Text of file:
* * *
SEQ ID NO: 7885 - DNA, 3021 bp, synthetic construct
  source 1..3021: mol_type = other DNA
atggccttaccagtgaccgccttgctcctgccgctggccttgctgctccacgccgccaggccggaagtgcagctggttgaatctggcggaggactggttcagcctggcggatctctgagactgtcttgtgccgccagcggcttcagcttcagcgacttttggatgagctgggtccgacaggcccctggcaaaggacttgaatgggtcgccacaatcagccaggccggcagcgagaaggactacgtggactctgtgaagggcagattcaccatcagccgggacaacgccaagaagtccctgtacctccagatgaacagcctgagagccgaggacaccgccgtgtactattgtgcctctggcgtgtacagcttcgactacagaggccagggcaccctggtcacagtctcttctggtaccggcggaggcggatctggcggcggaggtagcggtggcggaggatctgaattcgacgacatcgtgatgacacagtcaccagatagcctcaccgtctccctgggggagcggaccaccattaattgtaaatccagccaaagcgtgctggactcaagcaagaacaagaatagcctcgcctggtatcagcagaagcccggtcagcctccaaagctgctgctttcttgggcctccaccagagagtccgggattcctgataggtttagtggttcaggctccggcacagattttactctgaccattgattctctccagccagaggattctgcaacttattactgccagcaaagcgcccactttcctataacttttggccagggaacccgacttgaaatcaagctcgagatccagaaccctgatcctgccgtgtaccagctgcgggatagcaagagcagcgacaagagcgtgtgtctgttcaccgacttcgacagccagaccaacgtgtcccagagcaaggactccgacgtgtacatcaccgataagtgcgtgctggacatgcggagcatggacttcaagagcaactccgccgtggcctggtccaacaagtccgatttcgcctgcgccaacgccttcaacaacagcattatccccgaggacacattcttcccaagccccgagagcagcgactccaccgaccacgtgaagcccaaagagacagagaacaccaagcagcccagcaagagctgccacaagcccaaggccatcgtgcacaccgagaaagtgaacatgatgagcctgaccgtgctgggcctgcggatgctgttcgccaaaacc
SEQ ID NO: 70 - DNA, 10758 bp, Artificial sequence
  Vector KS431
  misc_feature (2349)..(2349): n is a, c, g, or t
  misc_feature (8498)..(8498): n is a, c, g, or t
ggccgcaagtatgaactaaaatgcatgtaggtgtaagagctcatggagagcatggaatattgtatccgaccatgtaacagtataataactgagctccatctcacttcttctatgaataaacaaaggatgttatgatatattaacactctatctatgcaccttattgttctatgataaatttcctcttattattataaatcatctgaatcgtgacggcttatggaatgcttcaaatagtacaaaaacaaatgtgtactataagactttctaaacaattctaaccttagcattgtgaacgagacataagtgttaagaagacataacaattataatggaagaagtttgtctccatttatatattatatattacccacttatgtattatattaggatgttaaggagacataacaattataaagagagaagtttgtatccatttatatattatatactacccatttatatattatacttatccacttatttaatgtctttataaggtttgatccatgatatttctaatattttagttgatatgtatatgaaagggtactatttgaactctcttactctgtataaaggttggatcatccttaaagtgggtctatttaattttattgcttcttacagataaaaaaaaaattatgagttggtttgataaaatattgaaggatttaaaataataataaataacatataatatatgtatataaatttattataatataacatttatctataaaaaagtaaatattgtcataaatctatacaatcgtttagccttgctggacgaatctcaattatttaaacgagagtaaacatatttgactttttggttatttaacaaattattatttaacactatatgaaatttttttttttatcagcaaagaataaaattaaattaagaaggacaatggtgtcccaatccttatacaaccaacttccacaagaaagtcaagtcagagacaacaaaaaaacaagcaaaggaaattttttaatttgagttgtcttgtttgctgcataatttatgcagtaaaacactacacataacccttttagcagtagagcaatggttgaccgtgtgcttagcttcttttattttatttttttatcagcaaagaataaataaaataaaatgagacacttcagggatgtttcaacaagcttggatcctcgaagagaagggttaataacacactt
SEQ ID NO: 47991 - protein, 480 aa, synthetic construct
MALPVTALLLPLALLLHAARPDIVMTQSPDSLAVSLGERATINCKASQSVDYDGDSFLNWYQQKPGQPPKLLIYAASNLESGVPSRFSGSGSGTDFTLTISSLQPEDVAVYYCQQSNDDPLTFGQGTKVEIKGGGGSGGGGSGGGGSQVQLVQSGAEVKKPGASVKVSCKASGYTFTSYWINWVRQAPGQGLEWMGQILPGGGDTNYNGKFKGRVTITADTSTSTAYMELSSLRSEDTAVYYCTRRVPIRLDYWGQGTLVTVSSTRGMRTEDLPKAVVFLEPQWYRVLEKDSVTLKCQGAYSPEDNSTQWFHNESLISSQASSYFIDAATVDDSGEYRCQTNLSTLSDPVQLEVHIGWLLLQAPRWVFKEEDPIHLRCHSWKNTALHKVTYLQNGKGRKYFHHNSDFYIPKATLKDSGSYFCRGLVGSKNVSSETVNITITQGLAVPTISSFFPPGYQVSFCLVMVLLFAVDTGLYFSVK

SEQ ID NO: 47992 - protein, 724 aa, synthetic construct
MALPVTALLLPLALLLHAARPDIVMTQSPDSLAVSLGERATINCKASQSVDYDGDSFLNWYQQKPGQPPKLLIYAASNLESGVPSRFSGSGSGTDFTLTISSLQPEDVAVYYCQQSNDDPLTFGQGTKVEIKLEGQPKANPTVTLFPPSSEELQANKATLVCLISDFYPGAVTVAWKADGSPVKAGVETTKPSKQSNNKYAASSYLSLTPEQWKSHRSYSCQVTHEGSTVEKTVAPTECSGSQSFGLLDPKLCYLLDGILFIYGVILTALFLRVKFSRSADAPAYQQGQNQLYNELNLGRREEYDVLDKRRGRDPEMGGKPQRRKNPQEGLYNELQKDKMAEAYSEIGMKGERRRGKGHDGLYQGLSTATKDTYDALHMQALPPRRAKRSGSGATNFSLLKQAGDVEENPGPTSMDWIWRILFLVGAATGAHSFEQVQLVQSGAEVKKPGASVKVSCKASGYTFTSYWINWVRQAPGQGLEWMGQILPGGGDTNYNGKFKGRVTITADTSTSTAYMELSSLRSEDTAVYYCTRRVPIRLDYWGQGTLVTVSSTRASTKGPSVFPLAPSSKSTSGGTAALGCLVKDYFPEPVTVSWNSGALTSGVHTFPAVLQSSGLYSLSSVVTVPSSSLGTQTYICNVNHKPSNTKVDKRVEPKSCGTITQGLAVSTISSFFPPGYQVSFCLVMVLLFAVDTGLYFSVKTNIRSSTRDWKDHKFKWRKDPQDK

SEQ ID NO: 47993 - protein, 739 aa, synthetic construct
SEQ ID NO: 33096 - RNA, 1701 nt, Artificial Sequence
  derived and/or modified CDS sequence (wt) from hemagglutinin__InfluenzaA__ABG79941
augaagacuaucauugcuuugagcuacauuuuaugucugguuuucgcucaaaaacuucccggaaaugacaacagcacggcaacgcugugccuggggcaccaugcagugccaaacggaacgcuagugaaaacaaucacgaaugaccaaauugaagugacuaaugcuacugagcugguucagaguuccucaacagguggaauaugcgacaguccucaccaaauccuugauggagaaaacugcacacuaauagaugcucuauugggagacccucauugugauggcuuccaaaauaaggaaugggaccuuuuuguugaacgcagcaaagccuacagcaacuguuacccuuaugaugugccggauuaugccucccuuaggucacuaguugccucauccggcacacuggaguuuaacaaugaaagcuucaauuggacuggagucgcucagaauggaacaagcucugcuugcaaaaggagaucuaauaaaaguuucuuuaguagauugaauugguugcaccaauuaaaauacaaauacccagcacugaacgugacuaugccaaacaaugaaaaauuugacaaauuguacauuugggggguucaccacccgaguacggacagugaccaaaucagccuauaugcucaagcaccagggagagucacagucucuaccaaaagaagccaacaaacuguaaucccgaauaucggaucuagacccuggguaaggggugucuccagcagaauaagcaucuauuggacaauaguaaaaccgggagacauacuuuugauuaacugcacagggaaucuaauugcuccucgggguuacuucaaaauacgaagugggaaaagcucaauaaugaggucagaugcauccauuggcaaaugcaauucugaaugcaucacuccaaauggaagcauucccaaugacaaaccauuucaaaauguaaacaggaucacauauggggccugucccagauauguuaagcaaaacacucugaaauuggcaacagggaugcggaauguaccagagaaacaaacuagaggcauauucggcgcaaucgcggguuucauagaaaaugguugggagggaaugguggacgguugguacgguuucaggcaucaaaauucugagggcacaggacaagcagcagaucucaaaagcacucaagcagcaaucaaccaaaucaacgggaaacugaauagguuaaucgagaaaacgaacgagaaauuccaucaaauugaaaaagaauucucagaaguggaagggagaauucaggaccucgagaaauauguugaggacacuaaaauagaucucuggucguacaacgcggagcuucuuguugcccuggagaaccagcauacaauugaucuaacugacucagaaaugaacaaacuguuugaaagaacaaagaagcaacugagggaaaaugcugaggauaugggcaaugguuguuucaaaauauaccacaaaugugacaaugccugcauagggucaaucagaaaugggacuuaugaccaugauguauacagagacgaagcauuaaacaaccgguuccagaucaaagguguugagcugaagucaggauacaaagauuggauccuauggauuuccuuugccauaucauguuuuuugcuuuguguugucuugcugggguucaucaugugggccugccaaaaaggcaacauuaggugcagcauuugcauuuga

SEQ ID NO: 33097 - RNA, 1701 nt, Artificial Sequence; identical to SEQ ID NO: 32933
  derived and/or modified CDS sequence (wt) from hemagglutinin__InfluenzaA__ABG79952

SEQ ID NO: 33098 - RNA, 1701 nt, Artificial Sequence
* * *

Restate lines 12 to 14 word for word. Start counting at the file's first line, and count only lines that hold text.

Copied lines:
MALPVTALLLPLALLLHAARPDIVMTQSPDSLAVSLGERATINCKASQSVDYDGDSFLNWYQQKPGQPPKLLIYAASNLESGVPSRFSGSGSGTDFTLTISSLQPEDVAVYYCQQSNDDPLTFGQGTKVEIKLEGQPKANPTVTLFPPSSEELQANKATLVCLISDFYPGAVTVAWKADGSPVKAGVETTKPSKQSNNKYAASSYLSLTPEQWKSHRSYSCQVTHEGSTVEKTVAPTECSGSQSFGLLDPKLCYLLDGILFIYGVILTALFLRVKFSRSADAPAYQQGQNQLYNELNLGRREEYDVLDKRRGRDPEMGGKPQRRKNPQEGLYNELQKDKMAEAYSEIGMKGERRRGKGHDGLYQGLSTATKDTYDALHMQALPPRRAKRSGSGATNFSLLKQAGDVEENPGPTSMDWIWRILFLVGAATGAHSFEQVQLVQSGAEVKKPGASVKVSCKASGYTFTSYWINWVRQAPGQGLEWMGQILPGGGDTNYNGKFKGRVTITADTSTSTAYMELSSLRSEDTAVYYCTRRVPIRLDYWGQGTLVTVSSTRASTKGPSVFPLAPSSKSTSGGTAALGCLVKDYFPEPVTVSWNSGALTSGVHTFPAVLQSSGLYSLSSVVTVPSSSLGTQTYICNVNHKPSNTKVDKRVEPKSCGTITQGLAVSTISSFFPPGYQVSFCLVMVLLFAVDTGLYFSVKTNIRSSTRDWKDHKFKWRKDPQDK

SEQ ID NO: 47993 - protein, 739 aa, synthetic construct
SEQ ID NO: 33096 - RNA, 1701 nt, Artificial Sequence